By Isheka N. Harrison
Special to South Florida Times
MIAMI — Some senior members of the West Little River-Arcola Lakes Park Task Force and Advisory Committee who have performed community service for more than 40 years are feeling betrayed by Miami-Dade County over a new seniors center and say they are considering taking legal action.
Miami-Dade County Commissioner Jean Monestime of District 2 held a groundbreaking ceremony on Aug. 8 for the $6.3 million, one-story, 14,220-square-foot facility in the 19-acre Arcola Lakes Park, 1301 N.W. 83rd St., Miami.
Monestime touted it as the county’s first recreational facility specifically designed for use by seniors. But not everyone is celebrating.
Melford Pinder, who chairs the West Little River-Arcola Lakes Park Task Force and Advisory Committee, says the county has reneged on a promise to build a much larger center whose original design was approved and voted on by 140 residents and others in 2003 after many meetings and several draft architectural plans.
Pinder displayed a paper trail of letters and documents dating back to the 1980s which they say contain plans for an Arcola Lakes Senior Citizens Disabled Recreational Center which, at 28,000 square feet, would be almost twice the size of the facility under construction. It would face the opposite direction and include an indoor heated swimming pool, three whirlpools, a full kitchen and a 500-seat formal banquet hall with provisions for the handicapped.
“We have been trying to get this resolved for years now,” Pinder said. “We’ve asked several officials from the county to halt the plans until we could resolve these problems and have been attempting to meet with the commissioner for over a year.”
Pinder also accuses the Miami-Dade County Parks and Recreation Department of calling meetings without her but putting her name on the agenda to give the appearance that she had been present and disrespecting her in the meetings she did attend.
“I don’t know anything about some of the meetings that the county says I was in because I was not invited,” Pinder said. “I was not even informed about the groundbreaking with an official invite. I heard about it through others. When they were making all their final plans, they never included me.”
Monestime rejects Pinder’s claim that he neglected to take into account the concerns of the residents or avoided meeting with her.
“The final plans reflect input from the community while adhering to the budget constraints of a public facility,” Monestime said in a letter to South Florida Times. “In regards to meeting with residents, I have an open-door policy and District 2 residents have never missed an opportunity to meet with me and share ideas for the betterment of the community.”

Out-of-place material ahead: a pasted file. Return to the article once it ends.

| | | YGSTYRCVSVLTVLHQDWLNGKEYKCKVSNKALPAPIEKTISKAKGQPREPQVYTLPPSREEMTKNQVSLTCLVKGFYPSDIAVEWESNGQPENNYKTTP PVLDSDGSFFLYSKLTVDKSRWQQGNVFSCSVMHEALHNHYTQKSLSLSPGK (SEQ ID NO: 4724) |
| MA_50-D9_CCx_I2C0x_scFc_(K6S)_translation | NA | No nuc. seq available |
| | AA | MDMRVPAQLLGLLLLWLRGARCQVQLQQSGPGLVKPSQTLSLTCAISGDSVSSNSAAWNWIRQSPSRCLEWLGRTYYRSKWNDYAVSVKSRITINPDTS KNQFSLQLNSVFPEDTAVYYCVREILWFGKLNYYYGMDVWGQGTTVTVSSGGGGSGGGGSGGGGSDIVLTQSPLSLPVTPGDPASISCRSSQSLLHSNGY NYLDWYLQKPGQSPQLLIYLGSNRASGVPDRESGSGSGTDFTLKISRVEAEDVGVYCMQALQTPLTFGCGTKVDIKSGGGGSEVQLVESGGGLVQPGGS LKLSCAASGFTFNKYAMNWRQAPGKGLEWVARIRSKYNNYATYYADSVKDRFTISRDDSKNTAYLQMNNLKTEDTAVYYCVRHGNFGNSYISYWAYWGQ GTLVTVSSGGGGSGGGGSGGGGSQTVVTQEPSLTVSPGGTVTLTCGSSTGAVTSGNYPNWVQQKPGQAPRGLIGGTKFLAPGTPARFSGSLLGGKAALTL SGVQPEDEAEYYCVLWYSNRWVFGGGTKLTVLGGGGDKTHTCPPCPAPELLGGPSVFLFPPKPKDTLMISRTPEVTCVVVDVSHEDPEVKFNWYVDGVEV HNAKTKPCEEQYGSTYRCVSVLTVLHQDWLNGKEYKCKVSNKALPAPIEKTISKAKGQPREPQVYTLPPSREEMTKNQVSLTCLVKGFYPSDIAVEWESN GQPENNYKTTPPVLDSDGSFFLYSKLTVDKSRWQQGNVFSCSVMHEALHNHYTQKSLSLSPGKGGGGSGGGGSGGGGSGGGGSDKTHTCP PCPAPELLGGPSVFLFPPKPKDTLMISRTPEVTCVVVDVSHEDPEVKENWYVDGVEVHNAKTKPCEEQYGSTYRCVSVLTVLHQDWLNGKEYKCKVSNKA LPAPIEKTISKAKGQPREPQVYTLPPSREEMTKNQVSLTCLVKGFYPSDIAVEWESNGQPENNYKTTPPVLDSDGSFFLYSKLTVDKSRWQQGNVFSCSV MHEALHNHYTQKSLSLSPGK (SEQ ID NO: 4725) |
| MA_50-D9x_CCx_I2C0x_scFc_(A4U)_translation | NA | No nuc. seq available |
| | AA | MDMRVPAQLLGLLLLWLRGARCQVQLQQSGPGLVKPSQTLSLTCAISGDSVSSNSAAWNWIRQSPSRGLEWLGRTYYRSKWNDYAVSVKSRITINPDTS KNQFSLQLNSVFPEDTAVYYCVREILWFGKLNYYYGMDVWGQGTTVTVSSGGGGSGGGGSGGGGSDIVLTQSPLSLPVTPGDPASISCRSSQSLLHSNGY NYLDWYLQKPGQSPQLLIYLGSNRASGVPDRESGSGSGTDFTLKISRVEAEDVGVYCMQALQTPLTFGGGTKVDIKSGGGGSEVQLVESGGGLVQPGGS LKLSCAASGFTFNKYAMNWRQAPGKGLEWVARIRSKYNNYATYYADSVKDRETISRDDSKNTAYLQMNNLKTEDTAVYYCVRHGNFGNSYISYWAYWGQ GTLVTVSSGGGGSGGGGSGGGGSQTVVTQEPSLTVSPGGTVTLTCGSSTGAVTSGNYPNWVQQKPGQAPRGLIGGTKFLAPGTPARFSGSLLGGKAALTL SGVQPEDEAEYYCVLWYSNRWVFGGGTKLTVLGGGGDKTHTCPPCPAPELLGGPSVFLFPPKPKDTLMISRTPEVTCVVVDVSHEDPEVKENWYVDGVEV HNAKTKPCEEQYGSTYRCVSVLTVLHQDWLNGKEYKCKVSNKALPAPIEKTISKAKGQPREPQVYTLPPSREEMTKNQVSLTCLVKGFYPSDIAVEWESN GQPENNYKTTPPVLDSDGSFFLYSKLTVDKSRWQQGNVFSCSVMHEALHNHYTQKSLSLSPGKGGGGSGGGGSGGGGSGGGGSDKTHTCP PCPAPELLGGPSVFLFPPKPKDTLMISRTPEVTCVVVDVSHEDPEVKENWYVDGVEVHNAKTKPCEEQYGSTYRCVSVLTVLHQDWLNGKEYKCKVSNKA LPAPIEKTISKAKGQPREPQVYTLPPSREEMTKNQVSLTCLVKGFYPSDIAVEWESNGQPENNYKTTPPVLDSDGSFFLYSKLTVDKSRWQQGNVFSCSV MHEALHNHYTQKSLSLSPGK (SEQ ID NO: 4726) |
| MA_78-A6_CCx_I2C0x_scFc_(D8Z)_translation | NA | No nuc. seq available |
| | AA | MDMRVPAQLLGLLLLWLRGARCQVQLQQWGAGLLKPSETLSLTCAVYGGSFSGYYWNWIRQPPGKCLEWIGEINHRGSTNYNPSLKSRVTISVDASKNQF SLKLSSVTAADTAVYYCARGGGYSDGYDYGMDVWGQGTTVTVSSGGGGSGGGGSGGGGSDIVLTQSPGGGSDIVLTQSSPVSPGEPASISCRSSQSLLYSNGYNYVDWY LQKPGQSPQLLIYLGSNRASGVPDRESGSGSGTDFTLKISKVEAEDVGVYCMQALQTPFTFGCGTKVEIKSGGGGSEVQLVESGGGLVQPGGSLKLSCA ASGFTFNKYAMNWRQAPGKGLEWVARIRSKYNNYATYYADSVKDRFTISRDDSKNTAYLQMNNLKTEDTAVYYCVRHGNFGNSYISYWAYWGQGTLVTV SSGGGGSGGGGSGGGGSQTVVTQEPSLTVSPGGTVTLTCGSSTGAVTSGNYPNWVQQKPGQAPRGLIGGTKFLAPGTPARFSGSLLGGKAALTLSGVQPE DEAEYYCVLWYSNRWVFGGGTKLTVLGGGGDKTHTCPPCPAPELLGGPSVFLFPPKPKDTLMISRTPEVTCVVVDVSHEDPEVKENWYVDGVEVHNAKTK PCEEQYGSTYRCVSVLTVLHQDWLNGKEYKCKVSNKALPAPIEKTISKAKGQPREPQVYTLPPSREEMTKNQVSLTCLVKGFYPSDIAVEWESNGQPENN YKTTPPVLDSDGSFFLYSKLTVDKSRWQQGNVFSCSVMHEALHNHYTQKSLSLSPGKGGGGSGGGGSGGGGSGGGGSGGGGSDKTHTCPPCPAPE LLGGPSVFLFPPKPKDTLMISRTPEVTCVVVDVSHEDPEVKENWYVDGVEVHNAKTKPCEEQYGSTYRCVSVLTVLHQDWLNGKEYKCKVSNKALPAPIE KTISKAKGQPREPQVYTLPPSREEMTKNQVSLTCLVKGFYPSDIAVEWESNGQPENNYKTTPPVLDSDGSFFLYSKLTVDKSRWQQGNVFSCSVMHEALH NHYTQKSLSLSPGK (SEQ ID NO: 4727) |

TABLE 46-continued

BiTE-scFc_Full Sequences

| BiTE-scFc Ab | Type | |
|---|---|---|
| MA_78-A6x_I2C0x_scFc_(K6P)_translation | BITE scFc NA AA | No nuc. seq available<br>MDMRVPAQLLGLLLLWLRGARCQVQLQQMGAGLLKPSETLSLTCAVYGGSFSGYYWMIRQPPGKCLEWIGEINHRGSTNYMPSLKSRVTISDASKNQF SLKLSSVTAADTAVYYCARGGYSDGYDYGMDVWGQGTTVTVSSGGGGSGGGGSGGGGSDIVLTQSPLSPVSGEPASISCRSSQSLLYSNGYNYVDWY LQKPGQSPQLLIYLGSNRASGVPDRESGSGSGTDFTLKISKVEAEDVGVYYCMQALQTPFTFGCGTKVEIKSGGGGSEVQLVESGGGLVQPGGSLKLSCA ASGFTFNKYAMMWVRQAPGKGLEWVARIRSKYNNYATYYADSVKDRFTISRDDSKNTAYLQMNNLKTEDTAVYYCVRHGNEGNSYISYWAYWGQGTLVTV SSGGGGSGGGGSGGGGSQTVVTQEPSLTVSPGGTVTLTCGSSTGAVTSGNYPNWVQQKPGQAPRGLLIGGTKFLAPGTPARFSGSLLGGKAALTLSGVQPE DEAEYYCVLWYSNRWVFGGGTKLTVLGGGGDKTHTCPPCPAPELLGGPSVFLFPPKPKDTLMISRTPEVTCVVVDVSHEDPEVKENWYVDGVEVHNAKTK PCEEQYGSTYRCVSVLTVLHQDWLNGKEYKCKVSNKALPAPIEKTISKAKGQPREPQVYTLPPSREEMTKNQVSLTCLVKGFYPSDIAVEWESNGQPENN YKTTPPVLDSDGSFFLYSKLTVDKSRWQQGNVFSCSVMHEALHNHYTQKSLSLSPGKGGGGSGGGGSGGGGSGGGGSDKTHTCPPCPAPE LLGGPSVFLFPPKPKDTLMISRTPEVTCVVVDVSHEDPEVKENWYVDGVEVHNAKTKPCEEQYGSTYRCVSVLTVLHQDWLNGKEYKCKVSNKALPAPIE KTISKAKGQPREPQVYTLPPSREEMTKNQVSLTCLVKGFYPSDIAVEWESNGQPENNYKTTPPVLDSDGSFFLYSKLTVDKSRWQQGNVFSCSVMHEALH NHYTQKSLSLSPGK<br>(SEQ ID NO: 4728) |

But Pinder remains unconvinced. She said Monestime called her to a meeting after the South Florida Times published a letter from her on Aug. 2.
“I believe the only reason Commissioner Monestime called that meeting with me is because he heard that my husband said he was going to protest and he wanted to appease us to avoid any demonstration at the groundbreaking,” Pinder said, referring to her husband Dudley. “He said he thought someone had told him I was looking for him about 11 months ago but I didn’t call him on it then because I didn’t want to embarrass him in front of his aides and interns.”
The $6.3 million center is being funded by Building Better Communities General Obligation Bonds, which, according to Pinder, would not have been possible had she and her committee not appealed to the Trust for Public Lands to acquire the
“When we initially approached the county about finishing our master plan and constructing the senior facility, they emphatically said they were not interested in expanding the park and had no funds to help purchase the land,” Pinder said.
Monestime insists that the facility as currently planned – which would include entertainment rooms with flat screen televisions, an arts and craft room, a ceramics room, an exercise room with the latest fitness equipment and a large banquet hall/meeting room – is sufficient for the seniors.
“The seniors of our community deserve the very best amenities and that is what this new senior center will deliver,” Monestime said.
For now, the county is forging ahead with its plans — and Pinder is pondering her next step. "
We didn’t protest at the groundbreaking because that’s not how we do business,” Pinder said. “We requested the federal funds, we met with the residents and we came up with a plan. That’s our park. We gave it to the county to manage and if they refuse to revise their plans and provide what the residents originally requested, we can take it back.”